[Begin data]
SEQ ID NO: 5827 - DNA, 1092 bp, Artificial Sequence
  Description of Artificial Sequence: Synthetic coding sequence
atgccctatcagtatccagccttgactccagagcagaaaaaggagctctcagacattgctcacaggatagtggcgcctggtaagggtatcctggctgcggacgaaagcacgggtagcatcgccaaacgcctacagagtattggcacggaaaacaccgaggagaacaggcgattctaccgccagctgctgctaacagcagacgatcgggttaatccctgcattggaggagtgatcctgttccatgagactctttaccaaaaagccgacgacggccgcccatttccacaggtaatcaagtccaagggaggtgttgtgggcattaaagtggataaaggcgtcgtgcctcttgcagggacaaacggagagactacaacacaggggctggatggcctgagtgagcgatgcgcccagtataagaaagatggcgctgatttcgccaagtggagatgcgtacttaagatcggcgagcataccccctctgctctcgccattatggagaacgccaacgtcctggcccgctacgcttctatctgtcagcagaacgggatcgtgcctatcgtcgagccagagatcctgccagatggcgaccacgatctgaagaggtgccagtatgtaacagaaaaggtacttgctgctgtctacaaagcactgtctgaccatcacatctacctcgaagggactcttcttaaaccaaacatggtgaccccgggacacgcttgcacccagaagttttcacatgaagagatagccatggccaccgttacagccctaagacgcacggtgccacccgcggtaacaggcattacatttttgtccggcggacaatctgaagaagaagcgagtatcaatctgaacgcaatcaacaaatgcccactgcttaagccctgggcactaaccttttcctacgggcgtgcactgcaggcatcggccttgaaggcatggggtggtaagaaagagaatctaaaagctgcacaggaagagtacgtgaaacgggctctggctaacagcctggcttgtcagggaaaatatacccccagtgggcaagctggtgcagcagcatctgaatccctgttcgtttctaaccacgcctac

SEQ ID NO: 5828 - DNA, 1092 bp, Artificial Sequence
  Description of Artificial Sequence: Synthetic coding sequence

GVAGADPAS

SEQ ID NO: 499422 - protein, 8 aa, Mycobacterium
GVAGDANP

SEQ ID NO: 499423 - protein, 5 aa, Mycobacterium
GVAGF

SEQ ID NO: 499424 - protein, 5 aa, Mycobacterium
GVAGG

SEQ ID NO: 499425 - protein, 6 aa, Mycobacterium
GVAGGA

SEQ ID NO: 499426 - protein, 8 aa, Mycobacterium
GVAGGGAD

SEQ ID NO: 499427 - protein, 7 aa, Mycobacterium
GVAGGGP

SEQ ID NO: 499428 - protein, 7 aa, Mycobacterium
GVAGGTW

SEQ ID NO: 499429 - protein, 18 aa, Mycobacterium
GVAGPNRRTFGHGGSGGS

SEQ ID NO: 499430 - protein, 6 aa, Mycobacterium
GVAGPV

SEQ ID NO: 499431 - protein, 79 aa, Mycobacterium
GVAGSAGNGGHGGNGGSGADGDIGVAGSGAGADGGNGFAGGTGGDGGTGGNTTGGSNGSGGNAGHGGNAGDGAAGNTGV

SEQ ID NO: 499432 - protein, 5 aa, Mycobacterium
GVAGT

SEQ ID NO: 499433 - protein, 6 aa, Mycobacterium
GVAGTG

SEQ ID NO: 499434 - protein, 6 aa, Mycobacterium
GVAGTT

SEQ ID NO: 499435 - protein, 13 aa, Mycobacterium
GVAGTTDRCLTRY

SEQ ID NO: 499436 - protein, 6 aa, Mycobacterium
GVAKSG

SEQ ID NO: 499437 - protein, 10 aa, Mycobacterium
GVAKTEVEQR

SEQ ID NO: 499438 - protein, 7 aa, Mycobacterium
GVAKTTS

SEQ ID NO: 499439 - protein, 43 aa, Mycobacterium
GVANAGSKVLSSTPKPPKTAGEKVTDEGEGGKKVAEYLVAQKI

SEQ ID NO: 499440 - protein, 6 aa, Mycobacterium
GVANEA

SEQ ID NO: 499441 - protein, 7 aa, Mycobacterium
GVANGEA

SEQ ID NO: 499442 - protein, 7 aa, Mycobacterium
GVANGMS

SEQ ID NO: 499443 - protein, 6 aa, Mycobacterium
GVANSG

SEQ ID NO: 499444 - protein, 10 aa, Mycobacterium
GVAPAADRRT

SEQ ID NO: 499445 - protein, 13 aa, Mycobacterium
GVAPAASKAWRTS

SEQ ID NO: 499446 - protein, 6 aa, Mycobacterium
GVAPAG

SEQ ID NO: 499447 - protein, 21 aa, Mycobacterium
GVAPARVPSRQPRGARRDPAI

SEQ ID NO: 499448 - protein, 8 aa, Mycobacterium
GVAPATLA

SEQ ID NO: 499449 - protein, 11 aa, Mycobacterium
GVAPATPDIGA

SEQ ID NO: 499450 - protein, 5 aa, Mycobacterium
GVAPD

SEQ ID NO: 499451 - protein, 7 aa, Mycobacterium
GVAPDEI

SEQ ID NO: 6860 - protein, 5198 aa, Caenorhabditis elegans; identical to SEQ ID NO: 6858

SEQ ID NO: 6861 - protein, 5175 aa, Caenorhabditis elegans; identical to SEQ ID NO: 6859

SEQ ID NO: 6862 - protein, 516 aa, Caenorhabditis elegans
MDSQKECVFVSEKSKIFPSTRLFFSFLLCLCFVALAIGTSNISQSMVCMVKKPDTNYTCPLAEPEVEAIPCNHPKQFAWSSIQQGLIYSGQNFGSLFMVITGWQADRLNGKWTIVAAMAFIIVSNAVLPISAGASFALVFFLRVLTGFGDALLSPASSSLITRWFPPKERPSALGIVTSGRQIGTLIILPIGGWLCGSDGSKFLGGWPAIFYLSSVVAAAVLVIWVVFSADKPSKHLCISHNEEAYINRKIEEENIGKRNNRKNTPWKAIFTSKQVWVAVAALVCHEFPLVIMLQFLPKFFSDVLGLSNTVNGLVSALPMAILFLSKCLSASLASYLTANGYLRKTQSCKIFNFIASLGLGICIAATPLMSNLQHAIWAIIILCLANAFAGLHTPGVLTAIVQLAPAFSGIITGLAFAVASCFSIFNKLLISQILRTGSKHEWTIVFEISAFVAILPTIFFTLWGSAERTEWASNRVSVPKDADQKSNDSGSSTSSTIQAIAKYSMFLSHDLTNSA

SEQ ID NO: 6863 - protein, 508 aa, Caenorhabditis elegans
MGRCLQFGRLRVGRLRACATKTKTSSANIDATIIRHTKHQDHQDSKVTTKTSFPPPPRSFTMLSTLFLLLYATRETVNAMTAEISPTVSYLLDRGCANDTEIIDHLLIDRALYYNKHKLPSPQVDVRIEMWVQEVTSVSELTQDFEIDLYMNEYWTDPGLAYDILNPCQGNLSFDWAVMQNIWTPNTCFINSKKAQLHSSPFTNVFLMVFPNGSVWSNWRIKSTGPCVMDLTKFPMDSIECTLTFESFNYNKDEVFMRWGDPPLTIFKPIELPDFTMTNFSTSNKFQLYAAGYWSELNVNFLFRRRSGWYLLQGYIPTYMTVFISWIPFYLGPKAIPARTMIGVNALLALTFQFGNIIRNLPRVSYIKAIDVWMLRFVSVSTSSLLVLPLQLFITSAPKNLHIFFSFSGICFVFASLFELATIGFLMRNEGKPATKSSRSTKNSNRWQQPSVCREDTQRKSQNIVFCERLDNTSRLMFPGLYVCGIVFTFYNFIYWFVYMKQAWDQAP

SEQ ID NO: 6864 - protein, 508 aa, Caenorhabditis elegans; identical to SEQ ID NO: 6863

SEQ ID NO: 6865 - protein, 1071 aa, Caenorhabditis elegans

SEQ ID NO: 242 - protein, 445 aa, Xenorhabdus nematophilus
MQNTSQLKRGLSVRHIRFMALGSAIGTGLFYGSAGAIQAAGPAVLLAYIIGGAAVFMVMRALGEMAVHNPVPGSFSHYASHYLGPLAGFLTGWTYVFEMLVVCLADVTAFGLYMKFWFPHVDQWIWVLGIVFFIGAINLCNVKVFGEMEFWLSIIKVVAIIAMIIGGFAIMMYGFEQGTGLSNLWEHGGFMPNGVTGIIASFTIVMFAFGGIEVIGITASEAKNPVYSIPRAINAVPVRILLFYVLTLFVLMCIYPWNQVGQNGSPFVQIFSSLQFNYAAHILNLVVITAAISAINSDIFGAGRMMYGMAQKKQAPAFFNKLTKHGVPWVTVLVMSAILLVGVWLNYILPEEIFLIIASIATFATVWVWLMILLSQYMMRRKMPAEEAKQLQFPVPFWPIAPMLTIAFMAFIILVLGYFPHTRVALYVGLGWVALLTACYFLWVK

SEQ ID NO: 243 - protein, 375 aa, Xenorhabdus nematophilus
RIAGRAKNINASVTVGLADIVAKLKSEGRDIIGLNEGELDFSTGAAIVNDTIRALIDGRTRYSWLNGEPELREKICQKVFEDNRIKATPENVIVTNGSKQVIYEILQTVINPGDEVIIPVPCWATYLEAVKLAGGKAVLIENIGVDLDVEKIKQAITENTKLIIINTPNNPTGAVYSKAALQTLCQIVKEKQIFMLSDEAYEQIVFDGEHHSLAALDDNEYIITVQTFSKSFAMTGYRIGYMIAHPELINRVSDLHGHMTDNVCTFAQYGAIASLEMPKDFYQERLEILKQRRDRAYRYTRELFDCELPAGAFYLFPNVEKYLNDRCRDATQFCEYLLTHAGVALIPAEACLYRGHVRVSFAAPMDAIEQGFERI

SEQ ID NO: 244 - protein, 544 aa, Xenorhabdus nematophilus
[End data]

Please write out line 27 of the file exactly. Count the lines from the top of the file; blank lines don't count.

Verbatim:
SEQ ID NO: 499432 - protein, 5 aa, Mycobacterium